Oceans follows up from your highly successful debut album Constellations in 2018. How does it differ musically?

For a start, Oceans is double in length! In total, it’s about 76 minutes. I think the sound has also matured a lot sonically. It has been almost five years since Constellations, so I picked up a lot of improvements, like the delivery of my voice, and more intricacies in my production. Additionally, my guitar playing has improved, and I think I explore a lot more in terms of sound. While Constellations was quite diverse, Oceans takes musical diversity to another level.

There are 20 songs on the album, which is rare in the modern age where many bands are choosing to release EPs because of the shorter running time. Did you have to think about something like that before deciding to have so much material on the album?

EPs didn’t cross my mind, actually, but it’s something I am considering doing in the near future. I could certainly imagine future EPs having its own different moods, for example.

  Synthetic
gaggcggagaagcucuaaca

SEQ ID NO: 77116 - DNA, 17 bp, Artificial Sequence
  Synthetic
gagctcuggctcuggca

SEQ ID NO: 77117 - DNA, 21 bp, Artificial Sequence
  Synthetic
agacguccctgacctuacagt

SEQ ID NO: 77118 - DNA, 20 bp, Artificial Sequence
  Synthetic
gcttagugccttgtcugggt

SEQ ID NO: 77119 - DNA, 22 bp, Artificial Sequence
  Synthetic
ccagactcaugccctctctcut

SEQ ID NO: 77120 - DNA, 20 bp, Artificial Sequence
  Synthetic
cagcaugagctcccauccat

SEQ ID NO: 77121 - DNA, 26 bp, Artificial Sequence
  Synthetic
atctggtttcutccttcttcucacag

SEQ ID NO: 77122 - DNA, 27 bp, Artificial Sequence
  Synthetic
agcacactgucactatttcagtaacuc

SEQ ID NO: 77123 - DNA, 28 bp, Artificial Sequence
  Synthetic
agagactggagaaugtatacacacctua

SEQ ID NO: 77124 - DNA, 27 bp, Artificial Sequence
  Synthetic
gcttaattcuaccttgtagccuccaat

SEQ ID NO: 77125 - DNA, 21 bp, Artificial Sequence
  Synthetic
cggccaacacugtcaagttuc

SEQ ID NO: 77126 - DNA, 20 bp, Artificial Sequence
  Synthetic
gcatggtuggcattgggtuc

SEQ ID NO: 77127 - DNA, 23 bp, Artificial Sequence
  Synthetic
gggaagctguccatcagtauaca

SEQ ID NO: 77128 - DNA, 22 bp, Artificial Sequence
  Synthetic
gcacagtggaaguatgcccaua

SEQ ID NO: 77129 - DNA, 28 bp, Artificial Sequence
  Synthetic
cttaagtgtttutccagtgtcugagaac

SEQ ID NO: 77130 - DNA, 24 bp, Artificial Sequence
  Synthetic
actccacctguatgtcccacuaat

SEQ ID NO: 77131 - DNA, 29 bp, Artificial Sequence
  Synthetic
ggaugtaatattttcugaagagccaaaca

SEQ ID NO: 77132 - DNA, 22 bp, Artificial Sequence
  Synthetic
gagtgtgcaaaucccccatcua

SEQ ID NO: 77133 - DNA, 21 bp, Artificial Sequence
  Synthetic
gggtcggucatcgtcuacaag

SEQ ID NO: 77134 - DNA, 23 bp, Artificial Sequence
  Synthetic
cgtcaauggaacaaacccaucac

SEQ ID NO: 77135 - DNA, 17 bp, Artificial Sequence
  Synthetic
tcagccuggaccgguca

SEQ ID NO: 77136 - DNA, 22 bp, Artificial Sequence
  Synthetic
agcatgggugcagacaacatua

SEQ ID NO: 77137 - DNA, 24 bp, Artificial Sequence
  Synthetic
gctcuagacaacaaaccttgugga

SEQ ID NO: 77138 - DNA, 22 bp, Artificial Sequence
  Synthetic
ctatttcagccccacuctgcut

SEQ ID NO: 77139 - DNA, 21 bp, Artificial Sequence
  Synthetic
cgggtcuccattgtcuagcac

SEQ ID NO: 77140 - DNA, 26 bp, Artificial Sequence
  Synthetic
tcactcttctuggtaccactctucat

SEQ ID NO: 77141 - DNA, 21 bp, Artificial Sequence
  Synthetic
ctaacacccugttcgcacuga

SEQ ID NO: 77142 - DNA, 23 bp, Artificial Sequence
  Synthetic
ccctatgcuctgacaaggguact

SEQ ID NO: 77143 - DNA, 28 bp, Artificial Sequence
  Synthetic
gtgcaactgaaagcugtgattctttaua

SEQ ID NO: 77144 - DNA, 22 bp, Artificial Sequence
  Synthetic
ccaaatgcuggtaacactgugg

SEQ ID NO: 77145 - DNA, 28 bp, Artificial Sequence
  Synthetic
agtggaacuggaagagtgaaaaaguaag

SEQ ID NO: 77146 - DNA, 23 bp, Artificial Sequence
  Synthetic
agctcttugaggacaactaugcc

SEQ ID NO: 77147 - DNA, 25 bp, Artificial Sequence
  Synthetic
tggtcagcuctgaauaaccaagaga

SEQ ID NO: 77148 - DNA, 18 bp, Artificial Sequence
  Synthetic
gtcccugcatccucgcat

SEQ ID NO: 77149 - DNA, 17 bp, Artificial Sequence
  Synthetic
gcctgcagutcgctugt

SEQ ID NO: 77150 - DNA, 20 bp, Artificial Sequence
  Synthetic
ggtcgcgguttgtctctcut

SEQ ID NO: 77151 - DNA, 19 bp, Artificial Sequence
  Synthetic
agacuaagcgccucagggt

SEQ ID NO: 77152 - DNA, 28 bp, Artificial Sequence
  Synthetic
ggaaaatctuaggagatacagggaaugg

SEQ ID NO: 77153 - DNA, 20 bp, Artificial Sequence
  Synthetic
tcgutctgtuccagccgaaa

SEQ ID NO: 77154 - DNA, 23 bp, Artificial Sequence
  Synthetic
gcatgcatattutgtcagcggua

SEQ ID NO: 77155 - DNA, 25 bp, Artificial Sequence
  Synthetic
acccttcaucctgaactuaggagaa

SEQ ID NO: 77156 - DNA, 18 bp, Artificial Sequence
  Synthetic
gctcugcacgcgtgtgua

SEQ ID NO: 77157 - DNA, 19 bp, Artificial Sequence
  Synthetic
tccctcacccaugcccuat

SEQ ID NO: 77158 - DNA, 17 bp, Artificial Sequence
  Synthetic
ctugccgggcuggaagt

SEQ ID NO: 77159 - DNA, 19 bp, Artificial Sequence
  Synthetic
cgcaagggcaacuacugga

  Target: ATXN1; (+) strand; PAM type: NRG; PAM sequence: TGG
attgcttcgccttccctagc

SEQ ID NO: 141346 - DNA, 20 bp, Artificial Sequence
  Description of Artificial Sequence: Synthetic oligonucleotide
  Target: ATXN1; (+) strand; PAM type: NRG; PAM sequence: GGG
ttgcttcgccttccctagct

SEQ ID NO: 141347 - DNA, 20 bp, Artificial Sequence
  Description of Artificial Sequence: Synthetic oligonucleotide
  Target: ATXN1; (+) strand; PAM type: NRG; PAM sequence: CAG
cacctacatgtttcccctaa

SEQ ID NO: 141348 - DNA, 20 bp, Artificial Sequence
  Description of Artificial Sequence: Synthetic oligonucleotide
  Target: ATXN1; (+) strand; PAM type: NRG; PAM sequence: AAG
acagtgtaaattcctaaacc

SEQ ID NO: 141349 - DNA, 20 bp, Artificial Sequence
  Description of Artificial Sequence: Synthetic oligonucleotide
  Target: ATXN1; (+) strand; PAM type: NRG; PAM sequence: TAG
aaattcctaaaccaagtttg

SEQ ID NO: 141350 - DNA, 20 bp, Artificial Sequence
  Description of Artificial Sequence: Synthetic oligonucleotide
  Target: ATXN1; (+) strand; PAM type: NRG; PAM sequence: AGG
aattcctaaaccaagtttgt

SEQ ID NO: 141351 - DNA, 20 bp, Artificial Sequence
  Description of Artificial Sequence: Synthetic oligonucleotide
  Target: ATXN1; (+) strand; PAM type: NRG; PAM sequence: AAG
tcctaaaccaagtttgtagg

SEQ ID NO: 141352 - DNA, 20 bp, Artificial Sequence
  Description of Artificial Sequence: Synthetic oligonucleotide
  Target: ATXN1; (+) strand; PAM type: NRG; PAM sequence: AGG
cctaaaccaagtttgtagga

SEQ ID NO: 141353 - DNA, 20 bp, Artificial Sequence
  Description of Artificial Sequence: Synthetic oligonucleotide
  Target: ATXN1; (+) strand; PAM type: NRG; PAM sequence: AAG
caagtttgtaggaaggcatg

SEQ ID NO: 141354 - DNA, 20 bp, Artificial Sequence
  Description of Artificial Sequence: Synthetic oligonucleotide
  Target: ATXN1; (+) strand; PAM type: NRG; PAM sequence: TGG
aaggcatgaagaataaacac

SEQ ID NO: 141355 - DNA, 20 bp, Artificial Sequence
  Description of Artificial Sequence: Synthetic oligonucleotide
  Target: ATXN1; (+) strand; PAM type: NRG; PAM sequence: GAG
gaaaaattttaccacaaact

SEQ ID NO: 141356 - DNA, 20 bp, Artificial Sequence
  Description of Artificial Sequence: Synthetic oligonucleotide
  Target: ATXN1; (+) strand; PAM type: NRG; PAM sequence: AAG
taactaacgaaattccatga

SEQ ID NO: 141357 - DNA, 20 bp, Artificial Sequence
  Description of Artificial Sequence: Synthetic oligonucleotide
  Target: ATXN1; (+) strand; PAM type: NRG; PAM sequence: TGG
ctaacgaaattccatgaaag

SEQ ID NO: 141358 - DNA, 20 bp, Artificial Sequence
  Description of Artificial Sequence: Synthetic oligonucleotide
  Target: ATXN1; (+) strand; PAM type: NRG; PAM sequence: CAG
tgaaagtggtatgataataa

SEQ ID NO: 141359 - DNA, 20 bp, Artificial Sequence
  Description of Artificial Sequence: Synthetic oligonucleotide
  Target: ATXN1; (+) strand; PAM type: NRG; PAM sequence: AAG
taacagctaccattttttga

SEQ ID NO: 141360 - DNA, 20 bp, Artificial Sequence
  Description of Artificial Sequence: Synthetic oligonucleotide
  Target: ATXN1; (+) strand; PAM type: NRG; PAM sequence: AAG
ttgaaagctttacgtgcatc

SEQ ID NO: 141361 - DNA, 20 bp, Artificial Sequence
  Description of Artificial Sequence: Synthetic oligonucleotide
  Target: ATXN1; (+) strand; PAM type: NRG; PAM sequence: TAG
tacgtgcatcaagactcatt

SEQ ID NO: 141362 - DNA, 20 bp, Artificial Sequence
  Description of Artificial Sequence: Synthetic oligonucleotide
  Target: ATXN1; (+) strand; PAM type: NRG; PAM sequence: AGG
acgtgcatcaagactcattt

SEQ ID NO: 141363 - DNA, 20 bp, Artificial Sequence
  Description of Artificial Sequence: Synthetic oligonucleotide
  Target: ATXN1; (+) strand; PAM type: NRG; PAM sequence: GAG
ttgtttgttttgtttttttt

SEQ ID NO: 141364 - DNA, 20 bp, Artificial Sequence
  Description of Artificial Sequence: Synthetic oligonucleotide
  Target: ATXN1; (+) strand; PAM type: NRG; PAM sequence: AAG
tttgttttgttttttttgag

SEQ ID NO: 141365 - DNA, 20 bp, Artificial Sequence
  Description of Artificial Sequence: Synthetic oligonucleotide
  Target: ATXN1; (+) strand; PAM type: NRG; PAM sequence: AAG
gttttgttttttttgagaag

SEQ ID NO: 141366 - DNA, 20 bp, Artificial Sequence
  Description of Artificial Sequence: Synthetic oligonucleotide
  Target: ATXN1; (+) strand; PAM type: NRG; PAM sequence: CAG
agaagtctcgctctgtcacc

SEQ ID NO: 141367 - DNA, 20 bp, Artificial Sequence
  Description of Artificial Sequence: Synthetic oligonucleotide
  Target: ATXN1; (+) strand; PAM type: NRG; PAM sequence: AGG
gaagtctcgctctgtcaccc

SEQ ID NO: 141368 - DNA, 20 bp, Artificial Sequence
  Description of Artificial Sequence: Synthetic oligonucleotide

Two of the tracks feature guest musicians, with Ben Christo from The Sisters Of Mercy on Dead Zone and Ryo Kinoshita from Japanese metalcore band Crystal Lake on The Abyss. Why choose those particular artists to appear on the album?

I have shared the stage with Ben on many occasions. I admire his talent, his songwriting, and his way with words, and I really look up to him as an artist, as well as a friend and a mentor that points me in the right direction. When things are looking down, he picks me right up and motivates me to keep going. The process of working together was really smooth. We hadn’t done anything together before, yet the magic we made really clicked, and we made something very dark and haunting that we are both very proud of.